Tandav and Lasya dance of Lord Shiva & Maa Parvati


Various forms of dance are found in India, most of which are historical dances mainly related to our religion and mythology. Under the dance, there is the coordination of emotion with rhythm. Movement is a combination of expression of emotion through the mouth and eyes. According to the principle of Natyashastra, there are two styles of dance – Tandav and Lasya created by the first dance originator – Natraja Shiva.

What is Tandav ?

Tandav dance is considered to be a symbol of cosmic creation and destruction as well as a symbol of the natural cycle of life and death. In most of the religious areas in South India, Tandva Nrityam is performed by dancers. The opposite of the Tandava dance is known as the dance called Lasya or the dance of Goddess Parvati. Its name is beauty, grace, joy, and compassion. The rhythmic steps of this dance are full of harmony, grace, and tenderness and the Shiva dance Tandva is full of heroic rasa. It symbolizes the harmony of the ancient motion of the creation of the world. The dance in which Veera-rasa is performed is called Tandava.

Tandava dance is more suitable for men because some such anaphoras are performed in it, which are male-dominated. Tandav can be performed by both men and women. According to the scriptures, there are seven Tanduv dancers. Whose names are as follows: Anand, Sandhya, Kalika, Tripura, Sanhar. Apart from this, the two tandavas that Shivji has done with Parvati are Gauri and Uma. Veer Rasa, Vibhatsat Rasa, and Horrible Rasa, the dance showing the cataclysmic form come under the Tandava dance. In the Tandav, the five activities of Shiva, creation, condition, destruction, disappearance, and grace are displayed. There is a feeling of bravery, insolence, and anger in the dance. In the scriptures, the symbol of Tandav and Shiva has been considered.


Nataraja – King of Dance

There are two poses in the Tandava dance – the Raudra form and the Anand form. The Raudra form is quite fierce and while the other form of Tandava is blissful. It is believed that Shiva’s fierce orgy leads to destruction and the creation is uplifted only by the blissful orgy. In this form, the Tandava dance is concerned with both the rise and fall of creation. In the Shiva Siddhanta tradition, Shiva is regarded as the supreme lord of dance as Nataraja (“King of Dance”).

Nataraja is considered to be another name for Shiva. Shiva in the form of Nataraja is an excellent dancer and the basis of all arts. The idol of Nataraja includes dance expressions and postures. Shiva is believed to have shown the Tandava to the sage Bharata through his devotee Tandu. Many other scholars also have a different opinion, according to them Tandu himself would have worked in the theater or would have been a writer and he was later included in the Natya Shastra.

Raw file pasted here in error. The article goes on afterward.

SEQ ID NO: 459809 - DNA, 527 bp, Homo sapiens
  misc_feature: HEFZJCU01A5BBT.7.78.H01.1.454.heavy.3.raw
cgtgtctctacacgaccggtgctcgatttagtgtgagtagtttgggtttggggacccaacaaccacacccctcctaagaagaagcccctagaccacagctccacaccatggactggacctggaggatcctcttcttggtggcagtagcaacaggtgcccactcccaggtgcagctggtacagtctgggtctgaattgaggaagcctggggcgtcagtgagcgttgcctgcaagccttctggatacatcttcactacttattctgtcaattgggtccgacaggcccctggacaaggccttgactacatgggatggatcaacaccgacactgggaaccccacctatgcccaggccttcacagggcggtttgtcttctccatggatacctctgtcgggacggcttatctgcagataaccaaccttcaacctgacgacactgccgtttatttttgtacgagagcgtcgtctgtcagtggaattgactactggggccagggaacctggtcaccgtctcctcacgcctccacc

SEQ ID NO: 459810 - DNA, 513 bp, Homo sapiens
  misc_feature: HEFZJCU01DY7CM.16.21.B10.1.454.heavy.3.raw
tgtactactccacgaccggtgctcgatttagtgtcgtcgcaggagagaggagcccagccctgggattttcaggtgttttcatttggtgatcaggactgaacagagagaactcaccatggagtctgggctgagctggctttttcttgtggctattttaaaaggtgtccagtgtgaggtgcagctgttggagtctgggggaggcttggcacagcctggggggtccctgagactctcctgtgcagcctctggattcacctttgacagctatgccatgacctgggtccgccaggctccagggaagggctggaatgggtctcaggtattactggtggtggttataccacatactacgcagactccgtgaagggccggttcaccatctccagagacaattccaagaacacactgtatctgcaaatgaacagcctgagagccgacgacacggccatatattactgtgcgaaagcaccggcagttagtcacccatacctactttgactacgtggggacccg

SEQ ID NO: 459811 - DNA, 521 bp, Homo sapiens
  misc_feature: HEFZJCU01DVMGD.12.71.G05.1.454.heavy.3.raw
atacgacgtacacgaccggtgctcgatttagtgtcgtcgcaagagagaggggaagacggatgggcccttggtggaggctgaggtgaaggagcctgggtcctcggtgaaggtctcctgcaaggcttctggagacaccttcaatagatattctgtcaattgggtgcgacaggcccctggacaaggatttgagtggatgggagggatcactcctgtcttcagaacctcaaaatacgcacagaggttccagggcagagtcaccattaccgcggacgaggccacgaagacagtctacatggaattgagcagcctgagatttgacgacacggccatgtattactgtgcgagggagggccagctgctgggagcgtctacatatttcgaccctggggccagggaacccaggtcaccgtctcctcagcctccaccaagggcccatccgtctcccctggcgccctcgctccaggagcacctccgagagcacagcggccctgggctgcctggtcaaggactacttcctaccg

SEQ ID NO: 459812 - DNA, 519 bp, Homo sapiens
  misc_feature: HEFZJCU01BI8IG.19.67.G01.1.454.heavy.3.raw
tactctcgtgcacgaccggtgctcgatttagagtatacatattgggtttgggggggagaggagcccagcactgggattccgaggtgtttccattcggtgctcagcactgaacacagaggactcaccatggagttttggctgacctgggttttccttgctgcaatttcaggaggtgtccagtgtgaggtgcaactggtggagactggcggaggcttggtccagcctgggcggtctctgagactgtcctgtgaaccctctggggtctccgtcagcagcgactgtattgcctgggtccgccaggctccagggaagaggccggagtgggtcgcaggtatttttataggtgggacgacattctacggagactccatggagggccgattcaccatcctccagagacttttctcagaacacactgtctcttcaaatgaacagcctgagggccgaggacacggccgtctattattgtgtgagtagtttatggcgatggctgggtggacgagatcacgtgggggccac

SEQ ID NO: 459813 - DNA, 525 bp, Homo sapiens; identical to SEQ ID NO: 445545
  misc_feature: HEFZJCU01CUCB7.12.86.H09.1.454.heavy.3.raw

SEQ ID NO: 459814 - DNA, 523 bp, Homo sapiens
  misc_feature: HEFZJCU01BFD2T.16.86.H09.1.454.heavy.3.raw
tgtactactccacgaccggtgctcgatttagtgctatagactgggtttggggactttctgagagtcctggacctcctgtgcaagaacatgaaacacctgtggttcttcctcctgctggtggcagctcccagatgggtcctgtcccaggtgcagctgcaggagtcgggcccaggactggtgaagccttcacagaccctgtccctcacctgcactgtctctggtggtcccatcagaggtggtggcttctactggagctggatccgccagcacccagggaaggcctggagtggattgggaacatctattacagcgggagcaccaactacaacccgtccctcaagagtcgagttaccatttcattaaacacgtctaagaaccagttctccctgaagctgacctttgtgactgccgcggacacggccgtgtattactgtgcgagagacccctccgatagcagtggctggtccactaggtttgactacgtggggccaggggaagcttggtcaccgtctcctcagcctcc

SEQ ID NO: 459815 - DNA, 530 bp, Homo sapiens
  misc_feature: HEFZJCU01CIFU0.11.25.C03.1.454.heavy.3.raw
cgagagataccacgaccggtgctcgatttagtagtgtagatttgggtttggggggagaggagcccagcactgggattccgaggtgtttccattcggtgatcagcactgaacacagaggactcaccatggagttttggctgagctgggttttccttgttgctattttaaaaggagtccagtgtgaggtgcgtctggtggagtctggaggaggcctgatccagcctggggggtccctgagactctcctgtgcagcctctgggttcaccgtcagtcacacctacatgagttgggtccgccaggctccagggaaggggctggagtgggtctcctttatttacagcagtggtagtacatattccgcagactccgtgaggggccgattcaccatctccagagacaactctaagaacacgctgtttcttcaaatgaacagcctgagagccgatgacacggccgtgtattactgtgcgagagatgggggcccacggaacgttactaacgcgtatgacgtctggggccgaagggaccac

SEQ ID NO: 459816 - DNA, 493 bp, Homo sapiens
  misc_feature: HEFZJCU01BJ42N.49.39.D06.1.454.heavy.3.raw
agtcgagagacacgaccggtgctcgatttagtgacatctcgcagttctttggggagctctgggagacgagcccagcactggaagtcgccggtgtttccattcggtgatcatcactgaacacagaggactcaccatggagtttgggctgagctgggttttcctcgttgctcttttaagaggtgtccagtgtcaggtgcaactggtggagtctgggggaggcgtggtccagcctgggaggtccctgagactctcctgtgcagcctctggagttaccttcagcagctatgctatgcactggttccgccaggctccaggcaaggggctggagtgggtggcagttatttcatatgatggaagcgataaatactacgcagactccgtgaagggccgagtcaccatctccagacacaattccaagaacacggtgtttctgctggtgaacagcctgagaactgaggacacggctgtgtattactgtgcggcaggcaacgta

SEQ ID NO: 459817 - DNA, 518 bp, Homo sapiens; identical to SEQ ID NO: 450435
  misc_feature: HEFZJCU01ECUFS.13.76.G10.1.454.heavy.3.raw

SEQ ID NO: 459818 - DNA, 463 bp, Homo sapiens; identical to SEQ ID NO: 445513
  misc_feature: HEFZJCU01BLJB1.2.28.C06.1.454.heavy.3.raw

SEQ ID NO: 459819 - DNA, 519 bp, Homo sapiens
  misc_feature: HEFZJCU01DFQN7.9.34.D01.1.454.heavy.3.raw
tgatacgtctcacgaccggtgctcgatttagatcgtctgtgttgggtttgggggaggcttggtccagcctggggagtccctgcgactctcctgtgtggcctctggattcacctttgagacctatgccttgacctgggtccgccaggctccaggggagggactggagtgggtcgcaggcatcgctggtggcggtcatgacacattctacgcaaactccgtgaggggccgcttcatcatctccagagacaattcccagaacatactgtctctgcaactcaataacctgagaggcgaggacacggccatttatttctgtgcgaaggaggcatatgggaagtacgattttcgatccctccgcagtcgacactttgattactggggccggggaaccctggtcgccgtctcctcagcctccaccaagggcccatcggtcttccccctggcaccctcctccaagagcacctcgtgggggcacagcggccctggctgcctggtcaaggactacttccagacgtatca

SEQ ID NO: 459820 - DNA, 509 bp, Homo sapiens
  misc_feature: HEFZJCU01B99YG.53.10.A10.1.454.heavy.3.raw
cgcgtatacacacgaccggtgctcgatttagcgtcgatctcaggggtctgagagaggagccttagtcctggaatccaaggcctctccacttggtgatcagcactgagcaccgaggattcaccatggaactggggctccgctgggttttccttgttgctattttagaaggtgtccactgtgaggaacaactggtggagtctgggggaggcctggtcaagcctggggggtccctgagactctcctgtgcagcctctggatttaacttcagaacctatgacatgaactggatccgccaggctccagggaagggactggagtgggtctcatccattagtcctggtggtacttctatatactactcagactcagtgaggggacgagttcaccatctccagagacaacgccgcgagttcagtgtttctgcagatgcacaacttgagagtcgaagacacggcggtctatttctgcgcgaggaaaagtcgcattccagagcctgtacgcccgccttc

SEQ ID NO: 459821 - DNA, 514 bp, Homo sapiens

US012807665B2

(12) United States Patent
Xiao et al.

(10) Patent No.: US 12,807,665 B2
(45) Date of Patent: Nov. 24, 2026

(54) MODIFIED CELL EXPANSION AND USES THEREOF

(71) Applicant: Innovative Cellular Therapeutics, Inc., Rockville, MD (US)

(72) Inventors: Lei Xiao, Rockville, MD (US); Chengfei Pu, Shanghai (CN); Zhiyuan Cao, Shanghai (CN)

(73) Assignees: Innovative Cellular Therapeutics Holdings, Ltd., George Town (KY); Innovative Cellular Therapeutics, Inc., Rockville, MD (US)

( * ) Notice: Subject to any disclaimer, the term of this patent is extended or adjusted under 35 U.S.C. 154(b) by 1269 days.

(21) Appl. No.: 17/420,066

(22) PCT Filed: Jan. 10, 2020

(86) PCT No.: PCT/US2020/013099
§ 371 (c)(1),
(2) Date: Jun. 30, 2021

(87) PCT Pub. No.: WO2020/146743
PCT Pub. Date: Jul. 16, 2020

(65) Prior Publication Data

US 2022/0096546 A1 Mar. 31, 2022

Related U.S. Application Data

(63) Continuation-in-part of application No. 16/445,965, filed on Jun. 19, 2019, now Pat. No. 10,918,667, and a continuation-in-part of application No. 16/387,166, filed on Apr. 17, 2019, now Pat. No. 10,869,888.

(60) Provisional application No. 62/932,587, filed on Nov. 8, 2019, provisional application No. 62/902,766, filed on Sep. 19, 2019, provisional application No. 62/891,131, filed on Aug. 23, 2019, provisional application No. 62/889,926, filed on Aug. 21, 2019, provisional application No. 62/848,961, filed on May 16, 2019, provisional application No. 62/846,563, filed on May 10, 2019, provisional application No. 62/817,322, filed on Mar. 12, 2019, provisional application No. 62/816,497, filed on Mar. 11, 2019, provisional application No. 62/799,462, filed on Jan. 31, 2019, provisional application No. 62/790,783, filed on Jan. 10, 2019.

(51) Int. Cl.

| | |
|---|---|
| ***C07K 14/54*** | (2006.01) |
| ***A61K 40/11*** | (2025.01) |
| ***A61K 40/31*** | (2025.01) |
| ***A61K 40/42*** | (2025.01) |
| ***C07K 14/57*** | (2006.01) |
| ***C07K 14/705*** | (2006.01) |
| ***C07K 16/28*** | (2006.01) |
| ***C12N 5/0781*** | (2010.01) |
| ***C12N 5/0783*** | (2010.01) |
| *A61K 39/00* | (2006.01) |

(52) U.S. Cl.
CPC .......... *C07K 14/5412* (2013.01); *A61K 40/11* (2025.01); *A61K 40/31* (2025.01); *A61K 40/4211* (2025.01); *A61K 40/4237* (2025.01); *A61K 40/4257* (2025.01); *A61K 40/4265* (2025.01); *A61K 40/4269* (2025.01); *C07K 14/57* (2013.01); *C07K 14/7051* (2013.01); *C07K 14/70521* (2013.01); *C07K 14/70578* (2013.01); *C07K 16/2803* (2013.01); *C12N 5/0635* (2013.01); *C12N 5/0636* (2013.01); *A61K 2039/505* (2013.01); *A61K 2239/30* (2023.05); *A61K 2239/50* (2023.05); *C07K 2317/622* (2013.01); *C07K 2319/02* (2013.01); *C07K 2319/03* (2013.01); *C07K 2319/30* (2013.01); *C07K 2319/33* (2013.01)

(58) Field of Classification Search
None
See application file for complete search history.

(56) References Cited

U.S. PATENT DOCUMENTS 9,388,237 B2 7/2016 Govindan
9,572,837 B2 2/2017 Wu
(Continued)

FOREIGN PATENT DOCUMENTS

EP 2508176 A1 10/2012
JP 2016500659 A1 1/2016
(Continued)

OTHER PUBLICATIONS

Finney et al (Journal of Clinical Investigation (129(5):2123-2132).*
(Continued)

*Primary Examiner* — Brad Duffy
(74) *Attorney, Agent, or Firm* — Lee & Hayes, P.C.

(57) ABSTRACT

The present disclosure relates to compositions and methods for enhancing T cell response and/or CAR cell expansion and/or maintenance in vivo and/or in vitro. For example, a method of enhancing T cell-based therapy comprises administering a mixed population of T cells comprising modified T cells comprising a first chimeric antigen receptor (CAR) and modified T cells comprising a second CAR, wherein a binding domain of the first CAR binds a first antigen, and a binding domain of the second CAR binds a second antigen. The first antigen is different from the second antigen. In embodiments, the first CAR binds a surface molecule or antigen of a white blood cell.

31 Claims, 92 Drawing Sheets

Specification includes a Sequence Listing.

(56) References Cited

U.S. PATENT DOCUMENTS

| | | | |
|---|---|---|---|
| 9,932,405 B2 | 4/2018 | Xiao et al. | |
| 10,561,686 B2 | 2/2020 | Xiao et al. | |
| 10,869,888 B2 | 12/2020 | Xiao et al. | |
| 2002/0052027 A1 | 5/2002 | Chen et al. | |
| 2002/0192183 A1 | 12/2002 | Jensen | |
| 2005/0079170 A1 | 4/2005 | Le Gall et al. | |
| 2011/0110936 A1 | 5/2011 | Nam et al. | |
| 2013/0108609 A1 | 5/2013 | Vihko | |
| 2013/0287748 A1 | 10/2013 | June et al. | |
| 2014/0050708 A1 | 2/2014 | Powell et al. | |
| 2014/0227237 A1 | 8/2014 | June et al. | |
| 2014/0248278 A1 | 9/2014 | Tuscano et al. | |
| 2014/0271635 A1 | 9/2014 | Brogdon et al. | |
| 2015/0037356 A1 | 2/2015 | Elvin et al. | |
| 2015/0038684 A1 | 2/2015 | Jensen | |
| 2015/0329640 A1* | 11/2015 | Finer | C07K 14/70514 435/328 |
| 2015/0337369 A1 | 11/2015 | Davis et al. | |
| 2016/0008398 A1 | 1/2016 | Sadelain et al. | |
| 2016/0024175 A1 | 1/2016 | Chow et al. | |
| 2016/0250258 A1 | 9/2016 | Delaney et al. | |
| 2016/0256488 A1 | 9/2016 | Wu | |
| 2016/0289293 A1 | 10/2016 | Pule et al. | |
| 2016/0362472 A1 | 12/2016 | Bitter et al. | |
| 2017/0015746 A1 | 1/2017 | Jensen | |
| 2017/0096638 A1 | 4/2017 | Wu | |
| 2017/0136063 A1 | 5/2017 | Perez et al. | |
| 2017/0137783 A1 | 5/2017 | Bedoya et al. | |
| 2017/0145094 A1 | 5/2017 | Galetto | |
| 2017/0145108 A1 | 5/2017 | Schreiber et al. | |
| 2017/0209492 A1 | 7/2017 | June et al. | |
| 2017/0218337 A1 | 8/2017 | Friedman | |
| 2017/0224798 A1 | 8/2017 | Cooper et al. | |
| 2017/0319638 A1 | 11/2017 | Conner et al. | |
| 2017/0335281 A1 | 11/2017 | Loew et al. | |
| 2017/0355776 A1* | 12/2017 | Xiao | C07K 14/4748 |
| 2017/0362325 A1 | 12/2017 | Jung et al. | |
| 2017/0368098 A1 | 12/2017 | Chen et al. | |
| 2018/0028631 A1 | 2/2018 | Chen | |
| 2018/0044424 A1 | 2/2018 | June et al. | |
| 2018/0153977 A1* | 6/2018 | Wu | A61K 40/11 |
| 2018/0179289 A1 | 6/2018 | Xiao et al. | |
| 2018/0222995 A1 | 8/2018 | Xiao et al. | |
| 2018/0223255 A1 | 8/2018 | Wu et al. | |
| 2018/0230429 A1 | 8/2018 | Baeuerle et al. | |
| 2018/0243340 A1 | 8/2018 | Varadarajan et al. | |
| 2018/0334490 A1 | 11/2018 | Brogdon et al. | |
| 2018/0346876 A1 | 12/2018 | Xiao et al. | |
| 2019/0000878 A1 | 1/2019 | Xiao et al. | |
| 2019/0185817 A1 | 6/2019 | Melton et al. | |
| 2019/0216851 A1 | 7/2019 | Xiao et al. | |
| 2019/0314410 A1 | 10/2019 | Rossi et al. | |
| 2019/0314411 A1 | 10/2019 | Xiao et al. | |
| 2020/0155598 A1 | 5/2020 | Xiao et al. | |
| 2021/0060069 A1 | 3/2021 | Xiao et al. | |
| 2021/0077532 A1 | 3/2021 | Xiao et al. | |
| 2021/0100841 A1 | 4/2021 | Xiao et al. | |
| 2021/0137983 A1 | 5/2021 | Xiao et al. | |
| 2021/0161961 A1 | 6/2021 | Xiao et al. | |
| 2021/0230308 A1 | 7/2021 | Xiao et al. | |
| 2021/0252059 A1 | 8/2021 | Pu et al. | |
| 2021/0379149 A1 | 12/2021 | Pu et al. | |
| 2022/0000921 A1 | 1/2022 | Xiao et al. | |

What is Lasya Nritya ?

Along with this, he also taught the form of the Lasya dance of Goddess Parvati to sage Bharata. Lasya is a dance performed by women, in which hands remain free and abhinaya is performed to express emotion, while Tandava is not abhinaya. Later on the orders of Shiva, Munibharat taught these dance forms to mankind. It is also believed that the word Taal is derived from a combination of Tandav and Lasya.

Symbolic images of Parvati, her gestures convey wisdom, the power of nature, and the protection of the followers. A woman is a symbol of beauty and tenderness, so only the performance of a dancer by her is popular. Just as Tandava can be performed by men and women, similarly Lasya can also be performed by men and women. According to the scriptures, it is believed that to successfully display the aliments of Lasya, Shri Krishna established the Rasa Mandal. Under Rasa, there are many types of Vatsadalye, etc., which have sweetness, beauty, tenderness, etc., come under Lasya Nritya. Shringar Pradhan, Lavanyamayi, and Vilasyuktar Nrityal are called Lasya Nrityi. Parvati is considered the symbol of Lasya in the scriptures.

Natya Shastra

Bharat Muni’s Natya Shastra is considered to be the first authentic book on dance. This is also called Panchaveda. The compilation of this text probably dates back to the second century AD, although the arts mentioned in it are quite old. It consists of 36 chapters depicting almost all aspects of theater and dance. Dance, or expression dance, involves body movements, facial expressions, hand gestures, and postures to convey the meaning of a song.

It was in the Natyashastra that the theory of bhava and rasa was presented and all human emotions were divided into nine rasas – Shringara (love); Veer (Valor); Rudra (cruelty); fear (fear); vibhutsa (disgust); humor (laughter); karuna (compassion); amazing (wonder); and calm (peace). The purpose of any dance is to generate rasa, through which the feelings are conveyed to the audience by the dancer.

The Indian classical dance technique described in the Natyashastra is one of the most elaborate and complex techniques in the world. It includes 108 katanas, four standing positions, 32 dance positions of the legs and hips, nine neck positions, seven positions for the eyebrows, and 36 types of gazes and hand gestures, including 24 for one hand and 24 for both. 13 positions for the hands are shown.

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